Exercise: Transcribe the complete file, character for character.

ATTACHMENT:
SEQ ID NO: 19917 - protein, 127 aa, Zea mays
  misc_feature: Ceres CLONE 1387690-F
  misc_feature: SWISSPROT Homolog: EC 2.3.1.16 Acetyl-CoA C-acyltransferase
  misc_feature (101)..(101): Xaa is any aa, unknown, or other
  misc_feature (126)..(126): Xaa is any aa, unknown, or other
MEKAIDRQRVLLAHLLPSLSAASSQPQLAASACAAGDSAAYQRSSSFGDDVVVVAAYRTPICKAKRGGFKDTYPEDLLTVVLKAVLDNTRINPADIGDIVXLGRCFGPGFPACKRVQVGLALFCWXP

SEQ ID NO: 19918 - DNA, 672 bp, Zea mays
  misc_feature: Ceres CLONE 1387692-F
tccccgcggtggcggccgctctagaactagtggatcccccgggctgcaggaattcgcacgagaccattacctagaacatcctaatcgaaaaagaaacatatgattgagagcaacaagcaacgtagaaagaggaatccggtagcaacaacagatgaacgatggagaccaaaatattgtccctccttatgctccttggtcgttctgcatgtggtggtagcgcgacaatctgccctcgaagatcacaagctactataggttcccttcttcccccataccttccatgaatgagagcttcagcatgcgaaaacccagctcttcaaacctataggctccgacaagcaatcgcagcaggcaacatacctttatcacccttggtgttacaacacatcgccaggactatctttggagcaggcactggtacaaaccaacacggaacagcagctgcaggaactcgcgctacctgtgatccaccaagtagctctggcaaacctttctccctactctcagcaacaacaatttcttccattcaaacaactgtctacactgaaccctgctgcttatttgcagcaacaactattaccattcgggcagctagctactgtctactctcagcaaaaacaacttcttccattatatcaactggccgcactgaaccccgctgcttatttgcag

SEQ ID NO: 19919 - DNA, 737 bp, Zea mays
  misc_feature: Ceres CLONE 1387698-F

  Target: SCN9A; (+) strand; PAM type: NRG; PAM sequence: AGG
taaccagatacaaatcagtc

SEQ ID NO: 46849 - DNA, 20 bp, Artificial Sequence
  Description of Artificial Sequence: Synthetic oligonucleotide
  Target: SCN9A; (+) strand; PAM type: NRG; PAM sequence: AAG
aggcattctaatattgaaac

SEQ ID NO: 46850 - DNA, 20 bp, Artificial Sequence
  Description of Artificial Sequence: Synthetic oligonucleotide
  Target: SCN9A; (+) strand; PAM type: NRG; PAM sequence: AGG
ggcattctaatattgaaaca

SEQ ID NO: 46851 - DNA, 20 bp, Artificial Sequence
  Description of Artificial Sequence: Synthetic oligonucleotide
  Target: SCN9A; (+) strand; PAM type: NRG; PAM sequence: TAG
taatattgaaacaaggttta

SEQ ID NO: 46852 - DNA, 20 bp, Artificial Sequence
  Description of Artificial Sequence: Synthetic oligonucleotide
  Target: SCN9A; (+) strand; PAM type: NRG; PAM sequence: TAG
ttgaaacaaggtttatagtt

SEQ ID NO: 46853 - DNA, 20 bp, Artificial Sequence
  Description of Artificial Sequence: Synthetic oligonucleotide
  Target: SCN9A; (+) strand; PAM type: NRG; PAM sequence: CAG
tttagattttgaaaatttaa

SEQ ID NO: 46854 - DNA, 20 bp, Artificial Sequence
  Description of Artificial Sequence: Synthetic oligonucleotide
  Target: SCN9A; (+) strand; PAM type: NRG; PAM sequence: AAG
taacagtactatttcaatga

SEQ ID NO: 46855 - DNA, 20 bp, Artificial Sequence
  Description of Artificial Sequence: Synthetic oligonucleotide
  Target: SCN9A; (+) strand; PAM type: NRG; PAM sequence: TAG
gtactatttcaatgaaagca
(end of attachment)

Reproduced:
SEQ ID NO: 19917 - protein, 127 aa, Zea mays
  misc_feature: Ceres CLONE 1387690-F
  misc_feature: SWISSPROT Homolog: EC 2.3.1.16 Acetyl-CoA C-acyltransferase
  misc_feature (101)..(101): Xaa is any aa, unknown, or other
  misc_feature (126)..(126): Xaa is any aa, unknown, or other
MEKAIDRQRVLLAHLLPSLSAASSQPQLAASACAAGDSAAYQRSSSFGDDVVVVAAYRTPICKAKRGGFKDTYPEDLLTVVLKAVLDNTRINPADIGDIVXLGRCFGPGFPACKRVQVGLALFCWXP

SEQ ID NO: 19918 - DNA, 672 bp, Zea mays
  misc_feature: Ceres CLONE 1387692-F
tccccgcggtggcggccgctctagaactagtggatcccccgggctgcaggaattcgcacgagaccattacctagaacatcctaatcgaaaaagaaacatatgattgagagcaacaagcaacgtagaaagaggaatccggtagcaacaacagatgaacgatggagaccaaaatattgtccctccttatgctccttggtcgttctgcatgtggtggtagcgcgacaatctgccctcgaagatcacaagctactataggttcccttcttcccccataccttccatgaatgagagcttcagcatgcgaaaacccagctcttcaaacctataggctccgacaagcaatcgcagcaggcaacatacctttatcacccttggtgttacaacacatcgccaggactatctttggagcaggcactggtacaaaccaacacggaacagcagctgcaggaactcgcgctacctgtgatccaccaagtagctctggcaaacctttctccctactctcagcaacaacaatttcttccattcaaacaactgtctacactgaaccctgctgcttatttgcagcaacaactattaccattcgggcagctagctactgtctactctcagcaaaaacaacttcttccattatatcaactggccgcactgaaccccgctgcttatttgcag

SEQ ID NO: 19919 - DNA, 737 bp, Zea mays
  misc_feature: Ceres CLONE 1387698-F

  Target: SCN9A; (+) strand; PAM type: NRG; PAM sequence: AGG
taaccagatacaaatcagtc

SEQ ID NO: 46849 - DNA, 20 bp, Artificial Sequence
  Description of Artificial Sequence: Synthetic oligonucleotide
  Target: SCN9A; (+) strand; PAM type: NRG; PAM sequence: AAG
aggcattctaatattgaaac

SEQ ID NO: 46850 - DNA, 20 bp, Artificial Sequence
  Description of Artificial Sequence: Synthetic oligonucleotide
  Target: SCN9A; (+) strand; PAM type: NRG; PAM sequence: AGG
ggcattctaatattgaaaca

SEQ ID NO: 46851 - DNA, 20 bp, Artificial Sequence
  Description of Artificial Sequence: Synthetic oligonucleotide
  Target: SCN9A; (+) strand; PAM type: NRG; PAM sequence: TAG
taatattgaaacaaggttta

SEQ ID NO: 46852 - DNA, 20 bp, Artificial Sequence
  Description of Artificial Sequence: Synthetic oligonucleotide
  Target: SCN9A; (+) strand; PAM type: NRG; PAM sequence: TAG
ttgaaacaaggtttatagtt

SEQ ID NO: 46853 - DNA, 20 bp, Artificial Sequence
  Description of Artificial Sequence: Synthetic oligonucleotide
  Target: SCN9A; (+) strand; PAM type: NRG; PAM sequence: CAG
tttagattttgaaaatttaa

SEQ ID NO: 46854 - DNA, 20 bp, Artificial Sequence
  Description of Artificial Sequence: Synthetic oligonucleotide
  Target: SCN9A; (+) strand; PAM type: NRG; PAM sequence: AAG
taacagtactatttcaatga

SEQ ID NO: 46855 - DNA, 20 bp, Artificial Sequence
  Description of Artificial Sequence: Synthetic oligonucleotide
  Target: SCN9A; (+) strand; PAM type: NRG; PAM sequence: TAG
gtactatttcaatgaaagca